Knowledge and attitude of pregnant women towards modes of delivery in an antenatal care clinic in Baghdad
Background: Since 1985 the World Health Organization (WHO) had stated: “There is no justification for any region to have Caesarian Sections (CS) rates higher than 10-15%”. Since then, CSs have become increasingly common in both developed and developing countries. The rate of CS has been reported to be as high as 24.5% and 25.8% among Iraqi women in the years 2009 and 2010 respectively.
Objectives: The study was designed to provide data on the level of existing knowledge, attitudes and preference of modes of delivery, which can be used as a platform to raise knowledge among pregnant women and their partners and thereby empowering women to make informed choices.
Patients and Methods: This cross-sectional study was undertaken in an antenatal care clinic in Baghdad Teaching Hospital, Medical City, and Baghdad from 1st Feb. -31st May 2016. All 300 pregnant attending antenatal clinic were interviewed with a structured questionnaire that solicited information on their knowledge, attitudes and preference towards modes of delivery.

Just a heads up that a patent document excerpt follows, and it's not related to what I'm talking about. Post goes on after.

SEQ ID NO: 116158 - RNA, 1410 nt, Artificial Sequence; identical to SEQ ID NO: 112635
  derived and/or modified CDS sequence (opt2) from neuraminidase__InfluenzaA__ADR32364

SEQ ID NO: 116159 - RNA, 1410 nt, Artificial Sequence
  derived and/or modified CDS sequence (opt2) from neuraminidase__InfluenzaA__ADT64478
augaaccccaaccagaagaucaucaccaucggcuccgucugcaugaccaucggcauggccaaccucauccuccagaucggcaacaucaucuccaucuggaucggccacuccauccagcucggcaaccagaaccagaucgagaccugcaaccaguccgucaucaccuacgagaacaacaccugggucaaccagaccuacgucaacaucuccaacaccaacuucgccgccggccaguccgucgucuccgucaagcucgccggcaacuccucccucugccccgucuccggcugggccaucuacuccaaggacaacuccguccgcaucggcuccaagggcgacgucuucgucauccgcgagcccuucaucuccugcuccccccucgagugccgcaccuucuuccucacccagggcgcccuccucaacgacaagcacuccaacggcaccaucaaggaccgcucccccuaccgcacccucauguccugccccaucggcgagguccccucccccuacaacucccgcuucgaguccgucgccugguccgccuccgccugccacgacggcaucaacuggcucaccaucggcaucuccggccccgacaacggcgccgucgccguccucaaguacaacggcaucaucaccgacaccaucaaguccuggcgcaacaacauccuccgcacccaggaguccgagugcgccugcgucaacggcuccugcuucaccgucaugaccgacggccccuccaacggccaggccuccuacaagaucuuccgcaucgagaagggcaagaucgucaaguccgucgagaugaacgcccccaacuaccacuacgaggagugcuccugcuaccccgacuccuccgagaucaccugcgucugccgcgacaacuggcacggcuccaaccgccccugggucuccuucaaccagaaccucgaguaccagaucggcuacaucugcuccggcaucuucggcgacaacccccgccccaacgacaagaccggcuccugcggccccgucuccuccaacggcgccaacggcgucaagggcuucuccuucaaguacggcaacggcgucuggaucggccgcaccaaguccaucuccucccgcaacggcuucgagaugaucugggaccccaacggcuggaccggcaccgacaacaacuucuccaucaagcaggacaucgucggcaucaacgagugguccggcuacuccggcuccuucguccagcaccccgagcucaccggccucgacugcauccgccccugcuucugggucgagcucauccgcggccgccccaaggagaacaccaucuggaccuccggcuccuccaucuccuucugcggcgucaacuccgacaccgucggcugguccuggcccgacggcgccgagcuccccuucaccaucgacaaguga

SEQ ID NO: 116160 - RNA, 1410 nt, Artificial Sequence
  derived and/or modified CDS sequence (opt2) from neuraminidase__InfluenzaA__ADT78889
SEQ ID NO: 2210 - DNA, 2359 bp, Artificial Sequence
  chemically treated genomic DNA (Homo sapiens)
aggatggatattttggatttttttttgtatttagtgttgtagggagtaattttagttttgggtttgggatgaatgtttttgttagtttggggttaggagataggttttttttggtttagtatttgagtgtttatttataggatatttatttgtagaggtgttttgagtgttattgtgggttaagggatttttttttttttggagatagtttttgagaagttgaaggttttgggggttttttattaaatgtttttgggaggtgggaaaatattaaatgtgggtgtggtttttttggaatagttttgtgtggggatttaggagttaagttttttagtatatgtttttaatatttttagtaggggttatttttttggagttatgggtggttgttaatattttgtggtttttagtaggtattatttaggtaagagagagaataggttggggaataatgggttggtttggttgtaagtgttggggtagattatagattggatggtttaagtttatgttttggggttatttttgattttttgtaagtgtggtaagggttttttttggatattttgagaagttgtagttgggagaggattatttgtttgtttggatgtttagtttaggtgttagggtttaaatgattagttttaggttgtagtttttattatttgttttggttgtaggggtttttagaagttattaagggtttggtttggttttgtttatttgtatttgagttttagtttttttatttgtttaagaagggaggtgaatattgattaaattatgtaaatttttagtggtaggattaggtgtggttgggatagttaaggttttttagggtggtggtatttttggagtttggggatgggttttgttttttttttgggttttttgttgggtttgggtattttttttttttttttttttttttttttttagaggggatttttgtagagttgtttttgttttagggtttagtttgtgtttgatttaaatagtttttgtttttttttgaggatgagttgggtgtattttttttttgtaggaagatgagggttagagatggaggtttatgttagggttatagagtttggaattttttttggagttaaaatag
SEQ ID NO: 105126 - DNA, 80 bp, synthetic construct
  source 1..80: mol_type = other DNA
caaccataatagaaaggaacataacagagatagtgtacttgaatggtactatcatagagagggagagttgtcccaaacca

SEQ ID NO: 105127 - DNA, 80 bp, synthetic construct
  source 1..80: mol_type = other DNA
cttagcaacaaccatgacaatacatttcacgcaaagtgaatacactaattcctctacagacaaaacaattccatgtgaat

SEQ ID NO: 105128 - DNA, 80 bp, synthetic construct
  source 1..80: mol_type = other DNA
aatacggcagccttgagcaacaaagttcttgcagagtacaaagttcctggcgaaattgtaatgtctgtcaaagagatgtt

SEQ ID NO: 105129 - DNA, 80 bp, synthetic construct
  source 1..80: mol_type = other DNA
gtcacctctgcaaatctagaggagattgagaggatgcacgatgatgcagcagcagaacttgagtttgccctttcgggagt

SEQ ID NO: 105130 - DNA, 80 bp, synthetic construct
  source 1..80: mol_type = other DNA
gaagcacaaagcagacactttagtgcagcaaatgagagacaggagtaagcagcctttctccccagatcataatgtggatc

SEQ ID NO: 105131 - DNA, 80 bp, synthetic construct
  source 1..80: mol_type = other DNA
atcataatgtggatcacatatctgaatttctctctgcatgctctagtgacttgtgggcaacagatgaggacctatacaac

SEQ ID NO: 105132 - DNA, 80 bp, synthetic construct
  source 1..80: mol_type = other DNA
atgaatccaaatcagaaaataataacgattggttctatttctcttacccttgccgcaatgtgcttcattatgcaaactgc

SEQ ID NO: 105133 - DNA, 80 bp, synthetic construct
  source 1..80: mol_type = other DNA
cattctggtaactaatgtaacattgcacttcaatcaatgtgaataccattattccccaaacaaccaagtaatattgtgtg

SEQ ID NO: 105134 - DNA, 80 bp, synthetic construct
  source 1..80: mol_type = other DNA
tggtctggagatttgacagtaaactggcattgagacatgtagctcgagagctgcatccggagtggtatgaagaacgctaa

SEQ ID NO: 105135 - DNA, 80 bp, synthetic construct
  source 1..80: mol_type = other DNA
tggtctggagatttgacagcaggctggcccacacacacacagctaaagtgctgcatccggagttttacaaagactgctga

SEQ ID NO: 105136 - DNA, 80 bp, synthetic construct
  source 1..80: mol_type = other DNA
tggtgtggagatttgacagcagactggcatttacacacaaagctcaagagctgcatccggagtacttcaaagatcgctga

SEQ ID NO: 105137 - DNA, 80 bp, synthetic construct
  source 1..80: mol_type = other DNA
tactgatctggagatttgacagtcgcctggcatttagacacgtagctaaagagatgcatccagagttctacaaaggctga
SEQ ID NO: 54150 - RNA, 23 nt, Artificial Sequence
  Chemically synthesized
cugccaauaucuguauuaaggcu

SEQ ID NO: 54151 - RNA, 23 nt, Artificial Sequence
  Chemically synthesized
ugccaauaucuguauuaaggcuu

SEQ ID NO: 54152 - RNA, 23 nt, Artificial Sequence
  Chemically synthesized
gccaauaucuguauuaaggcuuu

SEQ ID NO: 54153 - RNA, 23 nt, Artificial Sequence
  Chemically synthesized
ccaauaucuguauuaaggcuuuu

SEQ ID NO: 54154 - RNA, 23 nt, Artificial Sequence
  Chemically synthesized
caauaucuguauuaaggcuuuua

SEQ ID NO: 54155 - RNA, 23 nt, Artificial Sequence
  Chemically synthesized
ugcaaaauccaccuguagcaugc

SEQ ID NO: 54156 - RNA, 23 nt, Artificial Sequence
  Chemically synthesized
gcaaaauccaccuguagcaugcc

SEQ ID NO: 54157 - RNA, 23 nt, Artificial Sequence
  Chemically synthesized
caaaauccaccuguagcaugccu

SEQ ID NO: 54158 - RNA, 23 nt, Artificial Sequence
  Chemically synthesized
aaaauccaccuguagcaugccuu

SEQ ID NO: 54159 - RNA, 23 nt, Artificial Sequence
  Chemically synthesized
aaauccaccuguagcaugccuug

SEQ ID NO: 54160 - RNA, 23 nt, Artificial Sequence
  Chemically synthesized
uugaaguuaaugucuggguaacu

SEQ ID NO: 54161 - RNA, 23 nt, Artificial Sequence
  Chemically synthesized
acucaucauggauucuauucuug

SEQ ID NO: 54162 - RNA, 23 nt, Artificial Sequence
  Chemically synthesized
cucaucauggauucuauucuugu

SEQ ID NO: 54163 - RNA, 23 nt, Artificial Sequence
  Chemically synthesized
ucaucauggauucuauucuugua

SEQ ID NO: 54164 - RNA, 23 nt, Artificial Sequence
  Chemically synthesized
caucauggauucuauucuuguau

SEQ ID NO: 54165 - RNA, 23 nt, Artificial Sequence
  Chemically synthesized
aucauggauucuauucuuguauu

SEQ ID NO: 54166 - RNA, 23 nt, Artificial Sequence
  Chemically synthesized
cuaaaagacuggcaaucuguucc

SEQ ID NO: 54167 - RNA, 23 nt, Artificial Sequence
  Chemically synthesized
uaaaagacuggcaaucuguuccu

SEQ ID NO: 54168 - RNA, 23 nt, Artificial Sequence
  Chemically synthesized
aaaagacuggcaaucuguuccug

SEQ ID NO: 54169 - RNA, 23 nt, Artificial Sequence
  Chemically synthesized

Results: Mean age of pregnant women was 28.3 ± 9.8SD years and84.7% were not employed. More than half of them (54.3%) had married at younger age (<20 years). Educational levels were 43.3% primary, 18% secondary and 20.4% university levels. Knowledge of majority of pregnant mothers (82.6%) about modes of delivery were obtained from relatives. Half of pregnant women had good knowledge about modes of delivery, 51.3% of them had negative attitude toward CS, and 62% had positive attitude towards CS delivery in current pregnancy.
Conclusion: Study results emphasize the need for educating families, especially pregnant women and their partners about the pros and cons of different modes of giving birth to their babies.
For all articles published in Journal of the Faculty of Medicine Baghdad, copyright is retained by the authors. Articles are licensed under an open access Creative Commons CC BY NC 4.0 license, meaning that anyone may download and read the paper for free. In addition, the article may be reused and quoted provided that the original published version is cited. These conditions allow for maximum use and exposure of the work, while ensuring that the authors receive proper rights.